Healthcare fraud and abuse are two sides of the same coin

Key Takeaway:

Healthcare fraud and abuse are different but related kinds of malpractice. They affect everyone concerned: the patient, the healthcare unit, the healthcare sector, and eventually, the economy.

Healthcare fraud and abuse are serious malpractices that can have very grave consequences for the patient, the hospital and the healthcare sector. They can also cost taxpayers heavy amounts of money.

Healthcare fraud

There is some distinction between healthcare fraud and healthcare abuse. Healthcare fraud is said to happen, according to medicare.gov, when Medicare gets billed for a service or supply the end user never gets. These fraudulent claims result in loss of billions of dollars of revenue to Medicare each year. Healthcare fraud could be said to happen when:

  • False statements are submitted knowingly or facts are misrepresented with the purpose of obtaining a federal health care payment for claims for which the person is not entitled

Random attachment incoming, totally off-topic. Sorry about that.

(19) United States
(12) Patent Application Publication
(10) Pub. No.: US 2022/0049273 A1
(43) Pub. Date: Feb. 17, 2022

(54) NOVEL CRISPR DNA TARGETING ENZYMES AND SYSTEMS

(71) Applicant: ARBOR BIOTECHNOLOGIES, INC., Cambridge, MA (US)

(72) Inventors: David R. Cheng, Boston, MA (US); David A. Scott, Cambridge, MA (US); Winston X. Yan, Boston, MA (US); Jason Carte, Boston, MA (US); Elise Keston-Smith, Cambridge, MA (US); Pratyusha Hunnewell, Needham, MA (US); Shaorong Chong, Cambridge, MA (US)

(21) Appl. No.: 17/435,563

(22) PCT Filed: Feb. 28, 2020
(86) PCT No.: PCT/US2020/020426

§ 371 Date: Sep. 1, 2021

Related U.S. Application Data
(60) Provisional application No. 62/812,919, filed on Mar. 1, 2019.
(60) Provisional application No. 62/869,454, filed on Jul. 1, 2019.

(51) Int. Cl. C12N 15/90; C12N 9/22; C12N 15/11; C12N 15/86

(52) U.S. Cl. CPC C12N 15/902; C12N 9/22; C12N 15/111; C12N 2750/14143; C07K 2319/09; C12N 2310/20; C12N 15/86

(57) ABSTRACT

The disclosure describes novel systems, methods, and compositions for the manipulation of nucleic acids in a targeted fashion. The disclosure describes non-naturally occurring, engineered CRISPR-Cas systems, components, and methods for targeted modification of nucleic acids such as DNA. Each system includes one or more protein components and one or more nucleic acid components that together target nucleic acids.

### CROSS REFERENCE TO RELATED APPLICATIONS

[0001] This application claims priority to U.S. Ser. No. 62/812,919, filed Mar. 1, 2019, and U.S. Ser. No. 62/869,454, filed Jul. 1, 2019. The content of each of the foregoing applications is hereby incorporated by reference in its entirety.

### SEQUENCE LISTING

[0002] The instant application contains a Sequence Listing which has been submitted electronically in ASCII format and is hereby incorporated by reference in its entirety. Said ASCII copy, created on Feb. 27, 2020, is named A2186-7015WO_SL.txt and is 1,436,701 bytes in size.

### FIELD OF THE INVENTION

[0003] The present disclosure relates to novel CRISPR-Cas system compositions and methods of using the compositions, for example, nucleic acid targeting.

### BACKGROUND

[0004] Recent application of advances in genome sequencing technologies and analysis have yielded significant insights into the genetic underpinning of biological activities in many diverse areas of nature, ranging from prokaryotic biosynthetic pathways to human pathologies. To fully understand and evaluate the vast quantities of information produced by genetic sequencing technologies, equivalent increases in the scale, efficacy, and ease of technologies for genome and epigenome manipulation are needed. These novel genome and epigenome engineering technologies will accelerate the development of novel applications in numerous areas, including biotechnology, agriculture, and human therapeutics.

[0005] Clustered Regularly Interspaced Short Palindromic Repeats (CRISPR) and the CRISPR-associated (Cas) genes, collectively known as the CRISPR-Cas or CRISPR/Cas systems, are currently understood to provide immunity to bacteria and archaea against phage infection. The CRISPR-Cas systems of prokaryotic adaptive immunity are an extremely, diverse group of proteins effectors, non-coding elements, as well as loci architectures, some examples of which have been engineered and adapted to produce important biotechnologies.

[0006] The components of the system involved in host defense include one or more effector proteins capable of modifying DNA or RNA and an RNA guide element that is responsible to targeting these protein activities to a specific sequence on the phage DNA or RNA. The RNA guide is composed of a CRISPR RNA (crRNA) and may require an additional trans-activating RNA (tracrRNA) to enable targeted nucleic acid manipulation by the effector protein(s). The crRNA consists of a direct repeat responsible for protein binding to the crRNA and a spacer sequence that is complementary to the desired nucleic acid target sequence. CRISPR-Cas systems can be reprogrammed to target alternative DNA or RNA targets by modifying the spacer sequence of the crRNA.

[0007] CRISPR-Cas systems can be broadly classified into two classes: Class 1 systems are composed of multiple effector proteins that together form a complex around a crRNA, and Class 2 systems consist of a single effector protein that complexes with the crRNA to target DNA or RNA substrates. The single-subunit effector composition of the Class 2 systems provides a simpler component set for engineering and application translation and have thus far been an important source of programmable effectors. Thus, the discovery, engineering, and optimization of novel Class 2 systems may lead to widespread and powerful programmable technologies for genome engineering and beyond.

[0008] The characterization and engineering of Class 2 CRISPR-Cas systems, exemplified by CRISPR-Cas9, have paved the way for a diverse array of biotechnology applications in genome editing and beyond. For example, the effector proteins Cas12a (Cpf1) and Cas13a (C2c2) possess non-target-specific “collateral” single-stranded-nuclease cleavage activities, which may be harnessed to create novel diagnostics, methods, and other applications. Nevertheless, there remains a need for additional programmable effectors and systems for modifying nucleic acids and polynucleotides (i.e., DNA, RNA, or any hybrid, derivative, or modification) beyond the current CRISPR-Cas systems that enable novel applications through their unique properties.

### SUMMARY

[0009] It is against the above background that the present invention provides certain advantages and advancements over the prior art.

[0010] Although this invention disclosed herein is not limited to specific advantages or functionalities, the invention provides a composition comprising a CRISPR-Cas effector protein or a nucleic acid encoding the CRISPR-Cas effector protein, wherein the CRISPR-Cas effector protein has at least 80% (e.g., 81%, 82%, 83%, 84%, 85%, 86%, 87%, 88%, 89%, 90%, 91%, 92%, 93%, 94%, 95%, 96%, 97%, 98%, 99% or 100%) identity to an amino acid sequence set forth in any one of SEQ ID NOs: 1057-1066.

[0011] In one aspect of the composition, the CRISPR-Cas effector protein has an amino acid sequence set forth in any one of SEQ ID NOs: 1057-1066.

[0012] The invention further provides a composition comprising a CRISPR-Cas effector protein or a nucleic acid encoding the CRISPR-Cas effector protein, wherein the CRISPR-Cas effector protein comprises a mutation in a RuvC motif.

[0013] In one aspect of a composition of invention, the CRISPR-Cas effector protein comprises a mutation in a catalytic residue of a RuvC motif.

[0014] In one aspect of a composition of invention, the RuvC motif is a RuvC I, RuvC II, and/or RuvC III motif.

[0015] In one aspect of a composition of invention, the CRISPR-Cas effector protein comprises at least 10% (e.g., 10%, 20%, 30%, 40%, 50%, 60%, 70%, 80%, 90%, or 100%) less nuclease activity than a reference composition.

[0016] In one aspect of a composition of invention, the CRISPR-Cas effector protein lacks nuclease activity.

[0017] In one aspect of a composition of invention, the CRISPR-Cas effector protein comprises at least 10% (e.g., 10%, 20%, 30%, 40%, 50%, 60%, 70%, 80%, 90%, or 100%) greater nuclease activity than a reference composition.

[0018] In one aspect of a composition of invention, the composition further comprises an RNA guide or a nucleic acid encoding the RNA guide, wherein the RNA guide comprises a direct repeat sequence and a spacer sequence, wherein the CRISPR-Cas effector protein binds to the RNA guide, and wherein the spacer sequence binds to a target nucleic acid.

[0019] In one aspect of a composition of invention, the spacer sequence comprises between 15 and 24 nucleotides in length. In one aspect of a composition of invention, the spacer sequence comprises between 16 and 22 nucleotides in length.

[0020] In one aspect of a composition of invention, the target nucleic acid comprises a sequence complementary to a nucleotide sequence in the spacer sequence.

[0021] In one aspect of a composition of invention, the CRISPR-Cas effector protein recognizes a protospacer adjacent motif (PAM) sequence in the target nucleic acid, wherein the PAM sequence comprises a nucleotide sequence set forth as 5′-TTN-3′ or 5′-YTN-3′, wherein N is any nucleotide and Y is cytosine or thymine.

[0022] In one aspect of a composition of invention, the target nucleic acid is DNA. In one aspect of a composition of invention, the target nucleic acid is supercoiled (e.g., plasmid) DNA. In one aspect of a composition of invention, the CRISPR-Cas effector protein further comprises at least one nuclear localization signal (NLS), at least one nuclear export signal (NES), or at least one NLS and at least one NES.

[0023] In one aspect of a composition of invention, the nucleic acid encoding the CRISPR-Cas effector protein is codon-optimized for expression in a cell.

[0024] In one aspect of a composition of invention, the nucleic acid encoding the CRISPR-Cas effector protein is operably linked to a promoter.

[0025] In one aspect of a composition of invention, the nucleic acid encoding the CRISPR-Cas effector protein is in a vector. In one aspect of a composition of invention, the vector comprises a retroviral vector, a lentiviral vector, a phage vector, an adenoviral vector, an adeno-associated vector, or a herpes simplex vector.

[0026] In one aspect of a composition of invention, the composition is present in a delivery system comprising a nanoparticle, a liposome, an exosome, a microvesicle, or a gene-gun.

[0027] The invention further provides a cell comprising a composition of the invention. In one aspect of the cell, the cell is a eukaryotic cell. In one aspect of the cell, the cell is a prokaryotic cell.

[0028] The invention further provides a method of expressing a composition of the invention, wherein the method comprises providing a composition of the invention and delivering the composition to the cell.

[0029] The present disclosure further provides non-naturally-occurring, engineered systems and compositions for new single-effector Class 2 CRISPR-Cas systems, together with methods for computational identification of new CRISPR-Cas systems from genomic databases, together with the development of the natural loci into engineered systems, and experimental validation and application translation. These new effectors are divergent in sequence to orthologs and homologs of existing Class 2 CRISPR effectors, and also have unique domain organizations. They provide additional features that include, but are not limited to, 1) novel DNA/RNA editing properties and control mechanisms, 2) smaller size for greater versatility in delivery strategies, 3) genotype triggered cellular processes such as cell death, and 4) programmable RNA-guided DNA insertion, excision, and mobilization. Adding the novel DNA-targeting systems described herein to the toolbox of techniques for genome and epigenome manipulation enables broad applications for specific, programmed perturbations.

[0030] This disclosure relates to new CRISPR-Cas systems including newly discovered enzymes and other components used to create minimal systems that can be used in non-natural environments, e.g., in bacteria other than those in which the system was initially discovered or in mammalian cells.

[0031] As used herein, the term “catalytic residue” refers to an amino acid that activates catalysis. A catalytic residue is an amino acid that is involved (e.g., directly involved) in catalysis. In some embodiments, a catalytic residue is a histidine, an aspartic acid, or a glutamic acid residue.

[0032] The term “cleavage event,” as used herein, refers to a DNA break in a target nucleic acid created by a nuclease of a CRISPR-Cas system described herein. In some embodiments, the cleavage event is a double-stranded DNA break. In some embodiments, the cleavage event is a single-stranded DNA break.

• A person knowingly solicits, pays, or/and accepts a payment with the intention of inducing or rewarding referrals for services or items that any of the federal healthcare programs reimburse
  • Eligibility is falsified
  • Prohibited referrals are made for select, designated health services

Healthcare abuse

Although related, healthcare fraud and abuse are not totally similar to each other in spirit. A healthcare abuse can be when physicians do not comply with or bypass established good medical practices or administer treatments that are not necessary. This is less serious than fraud in terms of intent, but carries the same consequences: loss of billions of dollars to the exchequer and potential damage the patient's health and the physician's and/or healthcare provider's reputation.

Some examples of healthcare abuse

These are some of the examples of healthcare abuse:
  • When services that are not medically warranted are performed and charged for
  • When services and/or supplies are charged in excess of their actual value
  • When codes on a claim are misused
  • When the physician or healthcare provider fail in maintaining proper financial or medical records
  • When they refuse to furnish or allow access to medical or financial records
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